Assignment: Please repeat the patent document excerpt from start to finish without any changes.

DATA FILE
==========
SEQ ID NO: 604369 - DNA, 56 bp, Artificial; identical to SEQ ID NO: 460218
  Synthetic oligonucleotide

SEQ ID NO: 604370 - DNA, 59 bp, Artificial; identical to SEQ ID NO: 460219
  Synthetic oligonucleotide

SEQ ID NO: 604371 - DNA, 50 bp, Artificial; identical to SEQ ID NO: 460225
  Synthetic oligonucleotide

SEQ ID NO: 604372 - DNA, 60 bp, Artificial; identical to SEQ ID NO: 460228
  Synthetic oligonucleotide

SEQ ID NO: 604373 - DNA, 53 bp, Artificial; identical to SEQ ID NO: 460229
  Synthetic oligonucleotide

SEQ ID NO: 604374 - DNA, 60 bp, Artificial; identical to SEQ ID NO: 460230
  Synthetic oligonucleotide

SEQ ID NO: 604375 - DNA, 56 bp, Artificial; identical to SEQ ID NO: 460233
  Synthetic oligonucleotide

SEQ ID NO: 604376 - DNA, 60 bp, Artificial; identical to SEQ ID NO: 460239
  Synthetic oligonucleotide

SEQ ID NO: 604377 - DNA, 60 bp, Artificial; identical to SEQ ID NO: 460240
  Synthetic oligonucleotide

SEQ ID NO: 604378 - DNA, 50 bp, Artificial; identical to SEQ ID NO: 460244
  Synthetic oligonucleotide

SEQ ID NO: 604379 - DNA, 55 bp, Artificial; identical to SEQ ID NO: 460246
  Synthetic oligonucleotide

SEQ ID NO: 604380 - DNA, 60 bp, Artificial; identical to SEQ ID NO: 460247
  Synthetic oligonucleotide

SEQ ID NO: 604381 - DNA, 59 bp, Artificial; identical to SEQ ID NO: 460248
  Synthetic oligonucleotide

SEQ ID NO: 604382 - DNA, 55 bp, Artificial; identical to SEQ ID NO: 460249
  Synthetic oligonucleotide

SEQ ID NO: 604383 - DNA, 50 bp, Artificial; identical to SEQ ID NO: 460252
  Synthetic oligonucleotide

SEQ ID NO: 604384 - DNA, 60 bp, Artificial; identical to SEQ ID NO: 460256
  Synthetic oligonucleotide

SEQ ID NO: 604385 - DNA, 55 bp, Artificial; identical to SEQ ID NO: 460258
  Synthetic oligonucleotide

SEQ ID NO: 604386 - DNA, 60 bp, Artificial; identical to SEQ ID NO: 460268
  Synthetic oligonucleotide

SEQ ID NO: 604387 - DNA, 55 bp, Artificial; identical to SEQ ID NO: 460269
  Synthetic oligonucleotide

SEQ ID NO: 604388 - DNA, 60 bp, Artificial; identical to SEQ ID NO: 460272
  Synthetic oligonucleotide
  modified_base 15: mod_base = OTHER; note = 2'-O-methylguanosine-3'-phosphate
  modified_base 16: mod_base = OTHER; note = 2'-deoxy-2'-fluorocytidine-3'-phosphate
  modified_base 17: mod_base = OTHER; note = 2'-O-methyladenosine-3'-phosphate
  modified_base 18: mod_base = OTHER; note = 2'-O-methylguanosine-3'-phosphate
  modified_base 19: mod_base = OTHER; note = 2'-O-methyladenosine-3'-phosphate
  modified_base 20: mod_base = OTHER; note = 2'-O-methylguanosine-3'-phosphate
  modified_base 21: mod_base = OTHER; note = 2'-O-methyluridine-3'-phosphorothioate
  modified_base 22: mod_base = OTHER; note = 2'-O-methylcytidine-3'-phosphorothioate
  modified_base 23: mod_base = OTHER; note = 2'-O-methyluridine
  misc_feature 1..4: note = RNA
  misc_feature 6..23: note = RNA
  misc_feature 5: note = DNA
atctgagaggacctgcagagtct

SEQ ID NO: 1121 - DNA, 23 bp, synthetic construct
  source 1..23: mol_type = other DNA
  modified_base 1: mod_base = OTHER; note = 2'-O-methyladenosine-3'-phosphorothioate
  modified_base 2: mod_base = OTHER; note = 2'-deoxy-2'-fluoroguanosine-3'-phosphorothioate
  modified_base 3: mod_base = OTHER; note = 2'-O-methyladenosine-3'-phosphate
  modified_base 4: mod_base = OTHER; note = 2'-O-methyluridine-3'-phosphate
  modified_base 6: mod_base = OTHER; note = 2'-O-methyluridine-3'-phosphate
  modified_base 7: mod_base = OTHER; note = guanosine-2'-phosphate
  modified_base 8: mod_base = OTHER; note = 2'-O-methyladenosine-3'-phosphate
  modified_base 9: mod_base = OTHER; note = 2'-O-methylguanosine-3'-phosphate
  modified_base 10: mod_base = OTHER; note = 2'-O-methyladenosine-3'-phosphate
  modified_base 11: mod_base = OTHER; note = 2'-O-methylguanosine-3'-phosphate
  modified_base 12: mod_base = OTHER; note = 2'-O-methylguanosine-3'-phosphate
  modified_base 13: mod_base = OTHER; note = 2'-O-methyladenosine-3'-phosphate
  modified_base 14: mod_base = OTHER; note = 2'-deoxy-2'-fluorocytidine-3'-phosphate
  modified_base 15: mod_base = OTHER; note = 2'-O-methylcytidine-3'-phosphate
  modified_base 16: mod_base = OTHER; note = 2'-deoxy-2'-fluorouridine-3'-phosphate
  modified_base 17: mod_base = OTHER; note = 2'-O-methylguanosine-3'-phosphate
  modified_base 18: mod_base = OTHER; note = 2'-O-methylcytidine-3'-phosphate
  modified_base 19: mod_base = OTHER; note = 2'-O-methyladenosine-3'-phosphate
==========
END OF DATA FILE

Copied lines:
SEQ ID NO: 604369 - DNA, 56 bp, Artificial; identical to SEQ ID NO: 460218
  Synthetic oligonucleotide

SEQ ID NO: 604370 - DNA, 59 bp, Artificial; identical to SEQ ID NO: 460219
  Synthetic oligonucleotide

SEQ ID NO: 604371 - DNA, 50 bp, Artificial; identical to SEQ ID NO: 460225
  Synthetic oligonucleotide

SEQ ID NO: 604372 - DNA, 60 bp, Artificial; identical to SEQ ID NO: 460228
  Synthetic oligonucleotide

SEQ ID NO: 604373 - DNA, 53 bp, Artificial; identical to SEQ ID NO: 460229
  Synthetic oligonucleotide

SEQ ID NO: 604374 - DNA, 60 bp, Artificial; identical to SEQ ID NO: 460230
  Synthetic oligonucleotide

SEQ ID NO: 604375 - DNA, 56 bp, Artificial; identical to SEQ ID NO: 460233
  Synthetic oligonucleotide

SEQ ID NO: 604376 - DNA, 60 bp, Artificial; identical to SEQ ID NO: 460239
  Synthetic oligonucleotide

SEQ ID NO: 604377 - DNA, 60 bp, Artificial; identical to SEQ ID NO: 460240
  Synthetic oligonucleotide

SEQ ID NO: 604378 - DNA, 50 bp, Artificial; identical to SEQ ID NO: 460244
  Synthetic oligonucleotide

SEQ ID NO: 604379 - DNA, 55 bp, Artificial; identical to SEQ ID NO: 460246
  Synthetic oligonucleotide

SEQ ID NO: 604380 - DNA, 60 bp, Artificial; identical to SEQ ID NO: 460247
  Synthetic oligonucleotide

SEQ ID NO: 604381 - DNA, 59 bp, Artificial; identical to SEQ ID NO: 460248
  Synthetic oligonucleotide

SEQ ID NO: 604382 - DNA, 55 bp, Artificial; identical to SEQ ID NO: 460249
  Synthetic oligonucleotide

SEQ ID NO: 604383 - DNA, 50 bp, Artificial; identical to SEQ ID NO: 460252
  Synthetic oligonucleotide

SEQ ID NO: 604384 - DNA, 60 bp, Artificial; identical to SEQ ID NO: 460256
  Synthetic oligonucleotide

SEQ ID NO: 604385 - DNA, 55 bp, Artificial; identical to SEQ ID NO: 460258
  Synthetic oligonucleotide

SEQ ID NO: 604386 - DNA, 60 bp, Artificial; identical to SEQ ID NO: 460268
  Synthetic oligonucleotide

SEQ ID NO: 604387 - DNA, 55 bp, Artificial; identical to SEQ ID NO: 460269
  Synthetic oligonucleotide

SEQ ID NO: 604388 - DNA, 60 bp, Artificial; identical to SEQ ID NO: 460272
  Synthetic oligonucleotide
  modified_base 15: mod_base = OTHER; note = 2'-O-methylguanosine-3'-phosphate
  modified_base 16: mod_base = OTHER; note = 2'-deoxy-2'-fluorocytidine-3'-phosphate
  modified_base 17: mod_base = OTHER; note = 2'-O-methyladenosine-3'-phosphate
  modified_base 18: mod_base = OTHER; note = 2'-O-methylguanosine-3'-phosphate
  modified_base 19: mod_base = OTHER; note = 2'-O-methyladenosine-3'-phosphate
  modified_base 20: mod_base = OTHER; note = 2'-O-methylguanosine-3'-phosphate
  modified_base 21: mod_base = OTHER; note = 2'-O-methyluridine-3'-phosphorothioate
  modified_base 22: mod_base = OTHER; note = 2'-O-methylcytidine-3'-phosphorothioate
  modified_base 23: mod_base = OTHER; note = 2'-O-methyluridine
  misc_feature 1..4: note = RNA
  misc_feature 6..23: note = RNA
  misc_feature 5: note = DNA
atctgagaggacctgcagagtct

SEQ ID NO: 1121 - DNA, 23 bp, synthetic construct
  source 1..23: mol_type = other DNA
  modified_base 1: mod_base = OTHER; note = 2'-O-methyladenosine-3'-phosphorothioate
  modified_base 2: mod_base = OTHER; note = 2'-deoxy-2'-fluoroguanosine-3'-phosphorothioate
  modified_base 3: mod_base = OTHER; note = 2'-O-methyladenosine-3'-phosphate
  modified_base 4: mod_base = OTHER; note = 2'-O-methyluridine-3'-phosphate
  modified_base 6: mod_base = OTHER; note = 2'-O-methyluridine-3'-phosphate
  modified_base 7: mod_base = OTHER; note = guanosine-2'-phosphate
  modified_base 8: mod_base = OTHER; note = 2'-O-methyladenosine-3'-phosphate
  modified_base 9: mod_base = OTHER; note = 2'-O-methylguanosine-3'-phosphate
  modified_base 10: mod_base = OTHER; note = 2'-O-methyladenosine-3'-phosphate
  modified_base 11: mod_base = OTHER; note = 2'-O-methylguanosine-3'-phosphate
  modified_base 12: mod_base = OTHER; note = 2'-O-methylguanosine-3'-phosphate
  modified_base 13: mod_base = OTHER; note = 2'-O-methyladenosine-3'-phosphate
  modified_base 14: mod_base = OTHER; note = 2'-deoxy-2'-fluorocytidine-3'-phosphate
  modified_base 15: mod_base = OTHER; note = 2'-O-methylcytidine-3'-phosphate
  modified_base 16: mod_base = OTHER; note = 2'-deoxy-2'-fluorouridine-3'-phosphate
  modified_base 17: mod_base = OTHER; note = 2'-O-methylguanosine-3'-phosphate
  modified_base 18: mod_base = OTHER; note = 2'-O-methylcytidine-3'-phosphate
  modified_base 19: mod_base = OTHER; note = 2'-O-methyladenosine-3'-phosphate